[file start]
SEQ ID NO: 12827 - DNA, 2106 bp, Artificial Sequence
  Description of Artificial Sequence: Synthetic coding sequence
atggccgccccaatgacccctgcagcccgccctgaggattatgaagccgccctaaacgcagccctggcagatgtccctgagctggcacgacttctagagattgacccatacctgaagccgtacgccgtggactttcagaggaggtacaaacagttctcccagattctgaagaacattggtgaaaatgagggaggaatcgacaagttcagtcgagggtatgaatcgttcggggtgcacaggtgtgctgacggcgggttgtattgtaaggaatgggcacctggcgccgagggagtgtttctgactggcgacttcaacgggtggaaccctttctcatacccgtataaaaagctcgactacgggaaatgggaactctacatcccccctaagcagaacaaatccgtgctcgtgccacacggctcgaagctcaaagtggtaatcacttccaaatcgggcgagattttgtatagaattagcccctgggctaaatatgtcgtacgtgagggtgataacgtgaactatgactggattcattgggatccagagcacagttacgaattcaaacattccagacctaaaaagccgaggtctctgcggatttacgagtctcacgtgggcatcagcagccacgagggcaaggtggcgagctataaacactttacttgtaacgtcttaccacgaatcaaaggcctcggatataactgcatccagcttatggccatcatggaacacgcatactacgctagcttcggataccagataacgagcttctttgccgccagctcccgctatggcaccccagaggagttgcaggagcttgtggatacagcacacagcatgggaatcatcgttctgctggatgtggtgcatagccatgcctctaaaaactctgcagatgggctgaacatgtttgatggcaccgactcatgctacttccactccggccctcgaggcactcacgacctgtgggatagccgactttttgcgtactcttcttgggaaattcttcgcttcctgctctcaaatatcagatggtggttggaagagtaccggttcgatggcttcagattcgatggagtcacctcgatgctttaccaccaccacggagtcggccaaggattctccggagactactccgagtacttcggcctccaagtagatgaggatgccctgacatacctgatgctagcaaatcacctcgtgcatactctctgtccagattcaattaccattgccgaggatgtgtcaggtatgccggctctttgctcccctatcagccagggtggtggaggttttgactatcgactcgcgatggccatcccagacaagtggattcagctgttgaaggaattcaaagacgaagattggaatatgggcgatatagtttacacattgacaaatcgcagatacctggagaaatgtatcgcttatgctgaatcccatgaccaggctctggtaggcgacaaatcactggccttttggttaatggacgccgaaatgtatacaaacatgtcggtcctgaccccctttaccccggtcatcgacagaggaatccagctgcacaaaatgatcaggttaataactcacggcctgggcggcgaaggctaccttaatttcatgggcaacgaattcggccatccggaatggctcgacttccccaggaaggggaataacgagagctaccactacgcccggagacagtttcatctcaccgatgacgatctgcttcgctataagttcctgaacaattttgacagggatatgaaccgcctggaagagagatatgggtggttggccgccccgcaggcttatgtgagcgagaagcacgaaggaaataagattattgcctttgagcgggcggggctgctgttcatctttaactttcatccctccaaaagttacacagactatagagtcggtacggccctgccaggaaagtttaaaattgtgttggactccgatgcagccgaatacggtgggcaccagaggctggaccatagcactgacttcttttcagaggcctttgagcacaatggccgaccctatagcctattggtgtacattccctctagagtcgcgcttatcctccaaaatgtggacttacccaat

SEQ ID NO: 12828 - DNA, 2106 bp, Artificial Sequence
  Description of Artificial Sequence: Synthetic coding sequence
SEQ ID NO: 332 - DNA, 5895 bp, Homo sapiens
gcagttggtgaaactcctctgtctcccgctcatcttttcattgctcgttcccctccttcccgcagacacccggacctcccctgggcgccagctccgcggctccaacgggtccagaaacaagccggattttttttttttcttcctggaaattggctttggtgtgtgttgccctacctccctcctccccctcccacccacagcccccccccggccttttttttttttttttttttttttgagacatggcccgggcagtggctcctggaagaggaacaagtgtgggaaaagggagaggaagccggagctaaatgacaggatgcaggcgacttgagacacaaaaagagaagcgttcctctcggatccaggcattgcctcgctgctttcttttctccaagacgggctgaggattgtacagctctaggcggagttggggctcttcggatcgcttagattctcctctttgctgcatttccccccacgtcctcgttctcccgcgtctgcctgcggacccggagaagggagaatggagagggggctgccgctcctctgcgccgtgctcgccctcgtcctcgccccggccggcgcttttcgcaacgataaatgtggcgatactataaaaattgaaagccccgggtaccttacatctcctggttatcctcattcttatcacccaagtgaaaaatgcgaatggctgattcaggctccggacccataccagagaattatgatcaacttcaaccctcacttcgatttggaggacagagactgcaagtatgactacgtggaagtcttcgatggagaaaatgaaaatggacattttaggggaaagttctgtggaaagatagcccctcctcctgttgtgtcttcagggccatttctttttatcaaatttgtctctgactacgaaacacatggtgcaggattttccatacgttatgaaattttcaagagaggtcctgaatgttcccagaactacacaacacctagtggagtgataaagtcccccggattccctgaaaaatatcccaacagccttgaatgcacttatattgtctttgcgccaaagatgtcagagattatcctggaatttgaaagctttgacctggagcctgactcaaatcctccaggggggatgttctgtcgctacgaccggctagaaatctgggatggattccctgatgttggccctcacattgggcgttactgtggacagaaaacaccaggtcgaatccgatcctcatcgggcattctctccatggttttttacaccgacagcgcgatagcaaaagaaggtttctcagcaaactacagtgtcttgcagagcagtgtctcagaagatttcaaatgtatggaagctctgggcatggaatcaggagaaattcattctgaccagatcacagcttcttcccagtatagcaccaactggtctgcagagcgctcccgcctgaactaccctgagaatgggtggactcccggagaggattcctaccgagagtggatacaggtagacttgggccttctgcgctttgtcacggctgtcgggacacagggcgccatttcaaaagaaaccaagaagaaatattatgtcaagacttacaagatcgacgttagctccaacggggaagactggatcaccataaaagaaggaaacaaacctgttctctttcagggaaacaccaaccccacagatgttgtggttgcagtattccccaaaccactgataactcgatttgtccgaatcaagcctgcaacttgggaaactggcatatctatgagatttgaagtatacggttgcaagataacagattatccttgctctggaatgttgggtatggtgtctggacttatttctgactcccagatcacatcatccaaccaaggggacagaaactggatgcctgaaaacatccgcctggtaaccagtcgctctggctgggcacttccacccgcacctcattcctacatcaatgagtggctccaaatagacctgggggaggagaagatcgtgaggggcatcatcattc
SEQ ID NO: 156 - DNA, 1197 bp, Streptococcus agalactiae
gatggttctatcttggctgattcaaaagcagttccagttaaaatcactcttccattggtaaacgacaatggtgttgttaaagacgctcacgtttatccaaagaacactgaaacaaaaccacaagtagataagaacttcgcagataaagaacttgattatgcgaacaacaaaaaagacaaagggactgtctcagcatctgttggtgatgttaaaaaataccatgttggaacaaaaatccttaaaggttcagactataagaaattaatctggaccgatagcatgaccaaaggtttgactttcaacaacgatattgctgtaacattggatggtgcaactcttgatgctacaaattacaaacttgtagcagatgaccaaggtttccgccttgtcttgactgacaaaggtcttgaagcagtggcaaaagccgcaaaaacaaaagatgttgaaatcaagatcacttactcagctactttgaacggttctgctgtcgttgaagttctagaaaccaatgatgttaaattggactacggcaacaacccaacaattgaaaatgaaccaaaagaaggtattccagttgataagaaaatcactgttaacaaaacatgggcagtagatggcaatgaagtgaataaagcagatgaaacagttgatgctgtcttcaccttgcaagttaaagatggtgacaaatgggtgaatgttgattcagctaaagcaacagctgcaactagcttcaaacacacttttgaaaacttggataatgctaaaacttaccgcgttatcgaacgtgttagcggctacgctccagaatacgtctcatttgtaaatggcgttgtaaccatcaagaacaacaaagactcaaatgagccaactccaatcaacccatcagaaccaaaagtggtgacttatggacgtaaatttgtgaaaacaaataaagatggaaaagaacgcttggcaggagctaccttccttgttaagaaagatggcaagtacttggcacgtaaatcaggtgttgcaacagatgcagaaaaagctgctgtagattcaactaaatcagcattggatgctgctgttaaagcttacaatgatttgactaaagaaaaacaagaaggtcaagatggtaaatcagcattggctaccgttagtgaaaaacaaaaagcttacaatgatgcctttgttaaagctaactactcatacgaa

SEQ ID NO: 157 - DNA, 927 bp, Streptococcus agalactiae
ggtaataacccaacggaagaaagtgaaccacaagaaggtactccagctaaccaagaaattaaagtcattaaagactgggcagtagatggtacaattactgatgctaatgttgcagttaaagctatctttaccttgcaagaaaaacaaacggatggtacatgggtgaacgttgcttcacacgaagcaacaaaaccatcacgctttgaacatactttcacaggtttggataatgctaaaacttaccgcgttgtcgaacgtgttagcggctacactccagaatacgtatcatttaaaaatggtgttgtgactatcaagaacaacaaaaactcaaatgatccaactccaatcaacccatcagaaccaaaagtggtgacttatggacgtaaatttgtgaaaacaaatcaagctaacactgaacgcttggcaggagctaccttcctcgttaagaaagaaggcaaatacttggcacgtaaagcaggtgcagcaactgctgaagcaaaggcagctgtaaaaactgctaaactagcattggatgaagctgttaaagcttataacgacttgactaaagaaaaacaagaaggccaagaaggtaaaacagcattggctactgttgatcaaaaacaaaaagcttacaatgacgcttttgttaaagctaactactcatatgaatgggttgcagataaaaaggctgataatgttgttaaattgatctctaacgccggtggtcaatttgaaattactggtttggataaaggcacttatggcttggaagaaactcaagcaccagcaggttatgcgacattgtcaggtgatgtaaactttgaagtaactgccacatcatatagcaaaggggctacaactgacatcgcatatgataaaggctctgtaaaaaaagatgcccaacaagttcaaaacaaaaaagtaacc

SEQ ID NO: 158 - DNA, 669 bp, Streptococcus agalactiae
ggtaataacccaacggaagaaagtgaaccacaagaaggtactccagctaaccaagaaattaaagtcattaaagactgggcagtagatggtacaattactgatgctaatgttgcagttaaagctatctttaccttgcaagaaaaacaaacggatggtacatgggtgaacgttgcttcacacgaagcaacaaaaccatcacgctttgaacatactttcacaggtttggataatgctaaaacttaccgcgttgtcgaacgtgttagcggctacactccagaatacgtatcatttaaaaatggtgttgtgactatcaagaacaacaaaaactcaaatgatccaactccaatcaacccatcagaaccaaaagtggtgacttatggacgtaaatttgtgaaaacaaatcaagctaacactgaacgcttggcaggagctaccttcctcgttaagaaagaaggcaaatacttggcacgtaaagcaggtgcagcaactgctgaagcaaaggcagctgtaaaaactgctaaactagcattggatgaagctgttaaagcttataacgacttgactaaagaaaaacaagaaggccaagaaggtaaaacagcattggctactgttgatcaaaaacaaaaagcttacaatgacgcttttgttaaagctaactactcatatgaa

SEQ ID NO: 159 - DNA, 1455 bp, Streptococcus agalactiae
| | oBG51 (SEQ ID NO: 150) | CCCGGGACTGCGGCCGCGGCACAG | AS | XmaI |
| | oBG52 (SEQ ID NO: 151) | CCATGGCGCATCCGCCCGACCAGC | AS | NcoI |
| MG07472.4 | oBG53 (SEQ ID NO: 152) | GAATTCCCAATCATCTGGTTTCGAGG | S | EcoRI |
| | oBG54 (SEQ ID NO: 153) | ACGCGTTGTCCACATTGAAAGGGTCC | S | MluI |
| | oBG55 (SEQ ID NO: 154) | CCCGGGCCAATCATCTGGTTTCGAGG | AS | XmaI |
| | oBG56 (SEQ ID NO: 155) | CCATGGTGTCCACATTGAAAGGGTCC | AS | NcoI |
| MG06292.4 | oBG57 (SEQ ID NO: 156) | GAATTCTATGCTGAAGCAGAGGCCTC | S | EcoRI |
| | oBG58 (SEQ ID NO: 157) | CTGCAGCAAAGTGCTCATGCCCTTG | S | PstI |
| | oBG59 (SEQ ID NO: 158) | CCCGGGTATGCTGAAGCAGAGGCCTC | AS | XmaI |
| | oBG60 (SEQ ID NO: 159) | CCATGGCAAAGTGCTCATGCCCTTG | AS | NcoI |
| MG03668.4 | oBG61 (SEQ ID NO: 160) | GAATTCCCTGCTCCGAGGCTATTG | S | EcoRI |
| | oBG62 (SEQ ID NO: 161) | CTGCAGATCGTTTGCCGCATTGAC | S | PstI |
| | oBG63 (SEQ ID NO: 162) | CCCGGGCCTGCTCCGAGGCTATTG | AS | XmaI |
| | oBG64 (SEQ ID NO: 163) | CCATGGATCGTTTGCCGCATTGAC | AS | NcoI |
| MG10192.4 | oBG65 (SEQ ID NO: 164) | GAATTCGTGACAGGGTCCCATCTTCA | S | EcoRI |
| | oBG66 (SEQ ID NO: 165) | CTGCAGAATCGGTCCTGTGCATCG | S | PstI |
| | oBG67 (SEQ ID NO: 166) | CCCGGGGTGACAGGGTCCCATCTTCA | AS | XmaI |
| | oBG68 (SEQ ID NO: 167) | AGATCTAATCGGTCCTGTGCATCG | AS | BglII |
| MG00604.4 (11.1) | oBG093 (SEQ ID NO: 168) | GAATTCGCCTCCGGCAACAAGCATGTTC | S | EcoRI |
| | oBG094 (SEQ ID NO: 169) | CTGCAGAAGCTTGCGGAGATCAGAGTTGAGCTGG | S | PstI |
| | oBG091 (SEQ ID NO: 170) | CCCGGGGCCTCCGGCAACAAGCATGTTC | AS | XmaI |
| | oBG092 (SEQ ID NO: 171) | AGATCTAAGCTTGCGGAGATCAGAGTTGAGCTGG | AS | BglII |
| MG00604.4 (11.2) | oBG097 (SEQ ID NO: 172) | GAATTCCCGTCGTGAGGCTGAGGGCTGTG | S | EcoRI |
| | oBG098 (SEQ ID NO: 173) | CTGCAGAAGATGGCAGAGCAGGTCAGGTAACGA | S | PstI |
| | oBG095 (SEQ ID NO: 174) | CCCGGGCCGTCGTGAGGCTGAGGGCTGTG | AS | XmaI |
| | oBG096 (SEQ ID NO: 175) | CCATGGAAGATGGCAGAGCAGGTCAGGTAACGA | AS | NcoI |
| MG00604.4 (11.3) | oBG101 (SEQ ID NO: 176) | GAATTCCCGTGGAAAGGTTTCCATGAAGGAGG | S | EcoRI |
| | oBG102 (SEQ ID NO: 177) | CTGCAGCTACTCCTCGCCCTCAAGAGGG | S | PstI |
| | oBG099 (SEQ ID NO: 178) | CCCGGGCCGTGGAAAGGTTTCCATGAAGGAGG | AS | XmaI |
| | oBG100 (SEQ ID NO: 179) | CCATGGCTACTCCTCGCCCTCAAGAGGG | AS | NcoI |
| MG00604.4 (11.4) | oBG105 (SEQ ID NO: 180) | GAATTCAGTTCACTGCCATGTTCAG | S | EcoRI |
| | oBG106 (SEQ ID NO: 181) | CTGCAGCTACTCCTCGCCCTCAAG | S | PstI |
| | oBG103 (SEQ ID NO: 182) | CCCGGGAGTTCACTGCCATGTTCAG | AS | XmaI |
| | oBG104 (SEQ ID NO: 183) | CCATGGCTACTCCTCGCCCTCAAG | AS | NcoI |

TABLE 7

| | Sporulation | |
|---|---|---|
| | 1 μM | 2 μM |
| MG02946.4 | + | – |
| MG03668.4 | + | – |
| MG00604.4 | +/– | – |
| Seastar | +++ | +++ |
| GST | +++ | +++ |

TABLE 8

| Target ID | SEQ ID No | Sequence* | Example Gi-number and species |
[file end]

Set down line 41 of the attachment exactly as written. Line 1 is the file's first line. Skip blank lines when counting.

| MG00604.4 (11.3) | oBG101 (SEQ ID NO: 176) | GAATTCCCGTGGAAAGGTTTCCATGAAGGAGG | S | EcoRI |